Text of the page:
Timely that just a day after the anniversary of the signing of the Constitution, I should sit down and start to transcribe letters written by my 3rd great uncle, Benoni Staats in the 1860s. In the first letter in the collection, Benoni focuses on his interpretation of the first article of the Constitution, and is asking for the opinion of his Congressional candidate on the issue. These letters are part of the Ephraim Cutler collection in Special Collections at the Marietta College Library. You never know where stuff is going to turn up. You’ll find all kinds of cool things in college libraries, so make sure that you investigate them in the areas you research.
Here is just a snippet of that first letter. A little enlightened for his time — especially living in the area that he did. Although a poor farmer most of his life, it is clear from his writing that he was quite well-educated.
“Vincent,” Barlow township, W. Co. O. [Washington County, Ohio] Sept 17th/60 
To the Hon. Wm. P. Cutler – Sir, as you are a Candidate for Congress, and are now canvassing this district for that office, I design to have your opinion on the First Article of the Constitution (I have tried your predecessor in vain). In the first place the Articles of Confederation existed and were in force until this Constitution was adopted by the requisite number of states; and in the Preamble to the Constitution it says, “We the people of the United States,” – now I contend that “people” means “persons,” that is to say “we the persons of the U States.”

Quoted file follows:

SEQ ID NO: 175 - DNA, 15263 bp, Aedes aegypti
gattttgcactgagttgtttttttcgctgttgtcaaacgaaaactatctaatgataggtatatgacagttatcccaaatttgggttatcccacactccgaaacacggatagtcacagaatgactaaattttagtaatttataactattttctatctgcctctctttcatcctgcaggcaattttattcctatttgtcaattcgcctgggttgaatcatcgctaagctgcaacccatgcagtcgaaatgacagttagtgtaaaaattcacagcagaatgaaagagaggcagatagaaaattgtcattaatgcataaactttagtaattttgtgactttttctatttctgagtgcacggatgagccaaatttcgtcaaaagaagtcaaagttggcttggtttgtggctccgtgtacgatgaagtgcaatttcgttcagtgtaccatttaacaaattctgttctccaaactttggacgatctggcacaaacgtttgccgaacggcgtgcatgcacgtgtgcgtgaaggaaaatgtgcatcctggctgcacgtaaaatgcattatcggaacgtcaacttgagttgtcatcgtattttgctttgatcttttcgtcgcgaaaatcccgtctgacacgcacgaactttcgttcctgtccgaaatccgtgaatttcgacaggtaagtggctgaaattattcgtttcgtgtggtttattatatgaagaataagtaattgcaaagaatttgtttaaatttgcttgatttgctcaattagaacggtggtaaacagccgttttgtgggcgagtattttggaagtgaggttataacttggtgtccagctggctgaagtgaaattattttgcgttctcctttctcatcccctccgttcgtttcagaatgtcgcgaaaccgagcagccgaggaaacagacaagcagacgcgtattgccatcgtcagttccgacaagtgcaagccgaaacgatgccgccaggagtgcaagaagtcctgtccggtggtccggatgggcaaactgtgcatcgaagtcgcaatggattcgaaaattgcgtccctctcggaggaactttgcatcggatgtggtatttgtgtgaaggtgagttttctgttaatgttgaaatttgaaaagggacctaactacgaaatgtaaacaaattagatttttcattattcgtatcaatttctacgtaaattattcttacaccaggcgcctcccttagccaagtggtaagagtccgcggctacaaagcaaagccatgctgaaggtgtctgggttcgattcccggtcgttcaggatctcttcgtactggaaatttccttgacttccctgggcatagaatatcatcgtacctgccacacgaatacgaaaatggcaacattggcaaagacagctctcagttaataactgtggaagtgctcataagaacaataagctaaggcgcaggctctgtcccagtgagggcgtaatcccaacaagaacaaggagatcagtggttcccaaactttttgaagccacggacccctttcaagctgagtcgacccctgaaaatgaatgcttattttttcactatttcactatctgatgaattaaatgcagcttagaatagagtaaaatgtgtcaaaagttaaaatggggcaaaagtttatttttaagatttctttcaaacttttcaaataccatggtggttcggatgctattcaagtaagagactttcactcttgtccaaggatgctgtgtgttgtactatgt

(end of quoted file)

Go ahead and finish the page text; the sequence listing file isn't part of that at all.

Thus, the Preamble to the Constitution, denominates the people of the U States thereafter as “persons,” and nowhere denominates them as property of the U States, nor does it anywhere say “We the property of the U States.” Now Sir, from these deductions, it is plain that these U States are composed of “persons” and not “property” and the three fifths clause which is said to relate to slaves and free colored persons, they are still denominated “persons” and not “property”— and as such are numbered by the U States Marshals for the Representation in Congress and are a part of “We the people of the U States.”1
This is just part of the first letter – an impassioned argument for the equality of “Indians and negroes.” There are five or six in the collection. Each are interesting, and I will post them as I can.
- Benoni Staats, Vincent, Barlow Twp., Washington County, Ohio, to William P. Cutler, letter, 17 Sep 1860, requests Mr. Cutler’s opinion on the First Article of the Constitution; Ephraim Cutler Collection, 1860, Sept 17 ; Marietta College Library Special Collections, Marietta Ohio. [↩]